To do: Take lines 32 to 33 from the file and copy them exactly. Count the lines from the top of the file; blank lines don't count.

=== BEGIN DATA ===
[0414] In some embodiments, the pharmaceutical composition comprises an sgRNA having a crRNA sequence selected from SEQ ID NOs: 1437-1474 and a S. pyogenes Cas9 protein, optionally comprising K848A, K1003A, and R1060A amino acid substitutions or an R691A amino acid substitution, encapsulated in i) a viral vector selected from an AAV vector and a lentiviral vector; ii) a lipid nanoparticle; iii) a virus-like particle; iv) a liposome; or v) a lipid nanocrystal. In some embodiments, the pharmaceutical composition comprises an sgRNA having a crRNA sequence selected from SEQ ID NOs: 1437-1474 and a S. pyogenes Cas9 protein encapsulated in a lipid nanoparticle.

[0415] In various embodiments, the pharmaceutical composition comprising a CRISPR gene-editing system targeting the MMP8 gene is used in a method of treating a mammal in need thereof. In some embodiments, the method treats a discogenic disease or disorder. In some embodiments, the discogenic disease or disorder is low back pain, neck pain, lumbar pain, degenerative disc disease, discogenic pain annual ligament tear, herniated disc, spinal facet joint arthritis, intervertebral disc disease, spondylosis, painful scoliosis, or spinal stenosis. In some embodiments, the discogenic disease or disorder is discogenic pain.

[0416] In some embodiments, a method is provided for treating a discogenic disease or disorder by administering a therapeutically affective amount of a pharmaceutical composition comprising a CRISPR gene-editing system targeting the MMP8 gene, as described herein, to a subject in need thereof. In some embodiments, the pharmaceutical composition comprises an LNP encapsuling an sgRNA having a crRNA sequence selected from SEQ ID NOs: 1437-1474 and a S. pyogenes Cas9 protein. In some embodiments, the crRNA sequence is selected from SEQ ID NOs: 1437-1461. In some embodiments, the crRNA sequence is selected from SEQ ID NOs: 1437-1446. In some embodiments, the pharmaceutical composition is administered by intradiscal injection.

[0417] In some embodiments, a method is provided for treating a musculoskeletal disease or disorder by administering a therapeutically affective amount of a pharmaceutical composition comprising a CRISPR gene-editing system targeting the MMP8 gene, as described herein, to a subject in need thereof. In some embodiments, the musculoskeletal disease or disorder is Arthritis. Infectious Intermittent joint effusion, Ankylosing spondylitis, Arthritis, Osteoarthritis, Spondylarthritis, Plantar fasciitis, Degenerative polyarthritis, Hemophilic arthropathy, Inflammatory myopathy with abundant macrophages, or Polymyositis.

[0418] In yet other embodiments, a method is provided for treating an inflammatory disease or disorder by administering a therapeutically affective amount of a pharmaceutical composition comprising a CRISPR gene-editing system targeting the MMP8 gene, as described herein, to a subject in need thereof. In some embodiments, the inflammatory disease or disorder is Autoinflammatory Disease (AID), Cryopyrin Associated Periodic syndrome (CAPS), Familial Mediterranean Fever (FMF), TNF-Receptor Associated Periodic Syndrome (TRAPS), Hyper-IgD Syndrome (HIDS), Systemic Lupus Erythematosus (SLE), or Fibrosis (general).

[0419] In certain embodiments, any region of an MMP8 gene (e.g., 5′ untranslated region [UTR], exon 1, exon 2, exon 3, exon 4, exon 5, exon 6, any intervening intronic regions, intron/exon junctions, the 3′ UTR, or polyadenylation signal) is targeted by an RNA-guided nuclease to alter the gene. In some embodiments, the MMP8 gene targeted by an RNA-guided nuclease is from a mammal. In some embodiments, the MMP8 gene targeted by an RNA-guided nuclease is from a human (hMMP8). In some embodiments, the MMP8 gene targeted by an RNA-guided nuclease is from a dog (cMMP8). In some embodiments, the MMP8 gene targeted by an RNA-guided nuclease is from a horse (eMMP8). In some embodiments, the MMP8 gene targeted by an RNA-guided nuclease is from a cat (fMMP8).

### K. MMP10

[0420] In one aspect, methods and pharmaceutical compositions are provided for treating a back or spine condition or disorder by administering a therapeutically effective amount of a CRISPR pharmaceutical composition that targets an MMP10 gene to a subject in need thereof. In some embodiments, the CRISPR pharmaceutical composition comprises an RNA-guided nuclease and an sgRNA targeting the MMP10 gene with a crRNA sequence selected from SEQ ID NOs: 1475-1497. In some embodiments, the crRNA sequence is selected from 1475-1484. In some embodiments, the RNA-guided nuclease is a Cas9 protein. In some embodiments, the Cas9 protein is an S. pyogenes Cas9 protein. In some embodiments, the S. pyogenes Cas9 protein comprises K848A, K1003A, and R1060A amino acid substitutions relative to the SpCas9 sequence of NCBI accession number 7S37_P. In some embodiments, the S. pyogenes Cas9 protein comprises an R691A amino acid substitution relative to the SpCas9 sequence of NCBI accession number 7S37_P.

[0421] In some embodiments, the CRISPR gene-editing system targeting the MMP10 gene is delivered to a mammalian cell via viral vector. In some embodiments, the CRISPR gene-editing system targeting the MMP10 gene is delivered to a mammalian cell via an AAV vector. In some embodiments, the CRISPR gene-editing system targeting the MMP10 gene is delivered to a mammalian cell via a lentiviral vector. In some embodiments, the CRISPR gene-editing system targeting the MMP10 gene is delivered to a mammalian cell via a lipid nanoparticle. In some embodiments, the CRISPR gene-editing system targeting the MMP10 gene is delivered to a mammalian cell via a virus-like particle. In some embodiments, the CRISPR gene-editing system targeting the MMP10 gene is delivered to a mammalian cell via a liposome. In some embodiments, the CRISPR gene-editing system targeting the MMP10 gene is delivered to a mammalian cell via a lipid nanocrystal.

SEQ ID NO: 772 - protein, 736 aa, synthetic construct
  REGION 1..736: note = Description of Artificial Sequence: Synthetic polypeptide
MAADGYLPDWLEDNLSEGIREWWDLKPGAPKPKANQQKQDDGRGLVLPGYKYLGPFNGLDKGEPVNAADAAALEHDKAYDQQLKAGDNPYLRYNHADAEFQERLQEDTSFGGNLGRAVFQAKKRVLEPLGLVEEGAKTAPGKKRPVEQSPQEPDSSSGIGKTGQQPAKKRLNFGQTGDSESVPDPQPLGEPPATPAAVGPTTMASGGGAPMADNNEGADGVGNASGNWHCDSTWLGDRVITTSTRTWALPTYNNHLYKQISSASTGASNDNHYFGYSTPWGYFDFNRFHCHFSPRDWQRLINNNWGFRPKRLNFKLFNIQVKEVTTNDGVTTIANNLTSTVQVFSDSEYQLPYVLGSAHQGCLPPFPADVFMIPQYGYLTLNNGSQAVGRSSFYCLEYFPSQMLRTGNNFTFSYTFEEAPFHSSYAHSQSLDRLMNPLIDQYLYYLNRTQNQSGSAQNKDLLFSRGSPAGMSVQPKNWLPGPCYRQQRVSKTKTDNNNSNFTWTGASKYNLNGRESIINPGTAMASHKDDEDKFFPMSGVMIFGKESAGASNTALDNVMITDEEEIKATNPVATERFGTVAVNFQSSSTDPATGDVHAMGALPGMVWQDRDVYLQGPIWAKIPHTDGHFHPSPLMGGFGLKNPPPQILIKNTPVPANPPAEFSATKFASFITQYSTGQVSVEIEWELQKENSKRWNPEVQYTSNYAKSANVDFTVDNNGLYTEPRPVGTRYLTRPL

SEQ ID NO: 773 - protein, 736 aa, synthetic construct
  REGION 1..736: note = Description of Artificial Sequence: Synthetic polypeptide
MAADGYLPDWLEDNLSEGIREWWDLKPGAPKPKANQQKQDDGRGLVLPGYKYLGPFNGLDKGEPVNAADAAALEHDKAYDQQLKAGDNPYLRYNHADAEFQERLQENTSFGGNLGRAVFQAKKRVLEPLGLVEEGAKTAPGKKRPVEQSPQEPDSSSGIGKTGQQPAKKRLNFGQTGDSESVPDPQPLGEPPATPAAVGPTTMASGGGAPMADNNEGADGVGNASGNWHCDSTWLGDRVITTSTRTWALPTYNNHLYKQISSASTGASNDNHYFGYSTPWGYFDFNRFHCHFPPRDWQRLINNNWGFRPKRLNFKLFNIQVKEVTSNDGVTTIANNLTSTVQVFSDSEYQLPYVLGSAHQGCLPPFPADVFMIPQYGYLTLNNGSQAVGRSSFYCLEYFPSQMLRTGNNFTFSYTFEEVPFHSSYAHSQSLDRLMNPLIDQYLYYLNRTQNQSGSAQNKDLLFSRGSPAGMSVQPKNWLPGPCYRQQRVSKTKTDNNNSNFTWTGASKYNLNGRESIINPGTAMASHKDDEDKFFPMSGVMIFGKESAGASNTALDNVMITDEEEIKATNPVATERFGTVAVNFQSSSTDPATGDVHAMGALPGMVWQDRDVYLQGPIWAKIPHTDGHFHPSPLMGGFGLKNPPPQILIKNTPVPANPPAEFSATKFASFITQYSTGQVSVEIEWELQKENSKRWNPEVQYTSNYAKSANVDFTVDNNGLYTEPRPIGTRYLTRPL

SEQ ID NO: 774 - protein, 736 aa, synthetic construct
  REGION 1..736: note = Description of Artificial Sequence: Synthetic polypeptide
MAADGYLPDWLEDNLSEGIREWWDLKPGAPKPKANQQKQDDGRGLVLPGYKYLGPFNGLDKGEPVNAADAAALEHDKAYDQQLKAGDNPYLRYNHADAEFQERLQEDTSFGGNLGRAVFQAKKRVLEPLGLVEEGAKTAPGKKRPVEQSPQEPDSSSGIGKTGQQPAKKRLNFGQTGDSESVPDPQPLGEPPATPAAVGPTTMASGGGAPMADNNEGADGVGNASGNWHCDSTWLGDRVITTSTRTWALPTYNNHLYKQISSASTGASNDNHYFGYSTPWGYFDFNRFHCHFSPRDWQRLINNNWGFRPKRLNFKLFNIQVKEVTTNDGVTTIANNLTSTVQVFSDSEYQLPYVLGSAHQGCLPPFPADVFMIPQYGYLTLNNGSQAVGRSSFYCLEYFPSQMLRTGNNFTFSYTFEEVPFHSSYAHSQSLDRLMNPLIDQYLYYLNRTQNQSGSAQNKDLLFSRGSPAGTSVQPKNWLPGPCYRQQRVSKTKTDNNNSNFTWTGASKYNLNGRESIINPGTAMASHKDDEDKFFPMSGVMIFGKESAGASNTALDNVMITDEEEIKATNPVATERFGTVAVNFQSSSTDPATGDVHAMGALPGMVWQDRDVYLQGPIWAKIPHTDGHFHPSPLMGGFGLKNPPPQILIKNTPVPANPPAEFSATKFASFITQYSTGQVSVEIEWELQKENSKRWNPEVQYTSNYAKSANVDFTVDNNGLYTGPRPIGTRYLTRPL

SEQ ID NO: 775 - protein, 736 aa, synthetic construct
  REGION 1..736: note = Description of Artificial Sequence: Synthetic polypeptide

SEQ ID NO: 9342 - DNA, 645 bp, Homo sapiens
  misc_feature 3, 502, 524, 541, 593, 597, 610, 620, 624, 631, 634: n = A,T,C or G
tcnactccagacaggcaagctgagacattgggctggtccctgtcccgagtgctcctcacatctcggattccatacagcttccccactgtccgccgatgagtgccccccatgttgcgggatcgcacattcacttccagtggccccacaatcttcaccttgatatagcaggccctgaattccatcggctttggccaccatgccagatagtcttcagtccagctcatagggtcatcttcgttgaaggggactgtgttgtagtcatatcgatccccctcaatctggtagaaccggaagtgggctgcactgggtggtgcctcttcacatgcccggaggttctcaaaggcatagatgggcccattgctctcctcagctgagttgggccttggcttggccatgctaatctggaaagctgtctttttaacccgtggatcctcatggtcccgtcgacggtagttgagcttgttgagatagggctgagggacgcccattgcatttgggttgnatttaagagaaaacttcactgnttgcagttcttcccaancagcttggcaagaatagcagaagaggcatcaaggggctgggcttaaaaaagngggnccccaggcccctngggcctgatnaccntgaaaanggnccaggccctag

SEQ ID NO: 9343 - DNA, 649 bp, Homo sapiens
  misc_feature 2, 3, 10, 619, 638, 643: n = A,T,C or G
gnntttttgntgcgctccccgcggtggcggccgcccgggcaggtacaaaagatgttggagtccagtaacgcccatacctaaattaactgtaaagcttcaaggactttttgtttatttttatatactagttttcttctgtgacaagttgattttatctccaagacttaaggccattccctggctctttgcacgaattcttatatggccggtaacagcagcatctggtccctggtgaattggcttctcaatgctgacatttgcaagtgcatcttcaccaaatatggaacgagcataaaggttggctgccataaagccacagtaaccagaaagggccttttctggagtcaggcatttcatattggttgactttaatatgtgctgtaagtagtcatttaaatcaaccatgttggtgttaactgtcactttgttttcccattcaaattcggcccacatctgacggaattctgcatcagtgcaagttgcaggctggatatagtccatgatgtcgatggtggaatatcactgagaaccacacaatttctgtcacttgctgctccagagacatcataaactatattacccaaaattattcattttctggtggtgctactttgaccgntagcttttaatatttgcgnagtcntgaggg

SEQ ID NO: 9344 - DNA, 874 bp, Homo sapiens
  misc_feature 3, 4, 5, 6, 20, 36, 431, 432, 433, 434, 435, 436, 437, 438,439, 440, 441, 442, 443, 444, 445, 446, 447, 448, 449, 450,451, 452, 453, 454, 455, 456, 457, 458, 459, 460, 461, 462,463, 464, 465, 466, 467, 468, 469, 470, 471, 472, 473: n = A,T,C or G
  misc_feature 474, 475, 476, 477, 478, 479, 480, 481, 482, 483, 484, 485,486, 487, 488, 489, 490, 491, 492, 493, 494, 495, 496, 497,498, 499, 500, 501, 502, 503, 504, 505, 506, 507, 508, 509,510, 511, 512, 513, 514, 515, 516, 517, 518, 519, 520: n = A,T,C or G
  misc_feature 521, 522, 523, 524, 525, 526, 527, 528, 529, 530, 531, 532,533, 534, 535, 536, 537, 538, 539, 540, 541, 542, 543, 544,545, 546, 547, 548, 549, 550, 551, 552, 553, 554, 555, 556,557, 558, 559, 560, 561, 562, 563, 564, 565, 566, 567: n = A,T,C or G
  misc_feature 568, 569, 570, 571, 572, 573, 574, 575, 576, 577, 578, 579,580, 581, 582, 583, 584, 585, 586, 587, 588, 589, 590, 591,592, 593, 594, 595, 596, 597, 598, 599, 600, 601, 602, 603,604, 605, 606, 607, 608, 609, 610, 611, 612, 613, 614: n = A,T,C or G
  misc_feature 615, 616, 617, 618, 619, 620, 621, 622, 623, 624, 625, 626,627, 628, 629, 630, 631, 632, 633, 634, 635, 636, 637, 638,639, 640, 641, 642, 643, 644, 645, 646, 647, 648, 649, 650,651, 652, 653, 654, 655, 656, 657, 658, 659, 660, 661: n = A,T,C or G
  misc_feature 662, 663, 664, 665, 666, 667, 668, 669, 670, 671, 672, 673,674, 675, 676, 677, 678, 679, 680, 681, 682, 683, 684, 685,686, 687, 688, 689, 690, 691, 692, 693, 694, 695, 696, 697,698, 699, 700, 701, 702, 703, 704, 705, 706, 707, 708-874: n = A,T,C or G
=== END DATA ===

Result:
  misc_feature 615, 616, 617, 618, 619, 620, 621, 622, 623, 624, 625, 626,627, 628, 629, 630, 631, 632, 633, 634, 635, 636, 637, 638,639, 640, 641, 642, 643, 644, 645, 646, 647, 648, 649, 650,651, 652, 653, 654, 655, 656, 657, 658, 659, 660, 661: n = A,T,C or G
  misc_feature 662, 663, 664, 665, 666, 667, 668, 669, 670, 671, 672, 673,674, 675, 676, 677, 678, 679, 680, 681, 682, 683, 684, 685,686, 687, 688, 689, 690, 691, 692, 693, 694, 695, 696, 697,698, 699, 700, 701, 702, 703, 704, 705, 706, 707, 708-874: n = A,T,C or G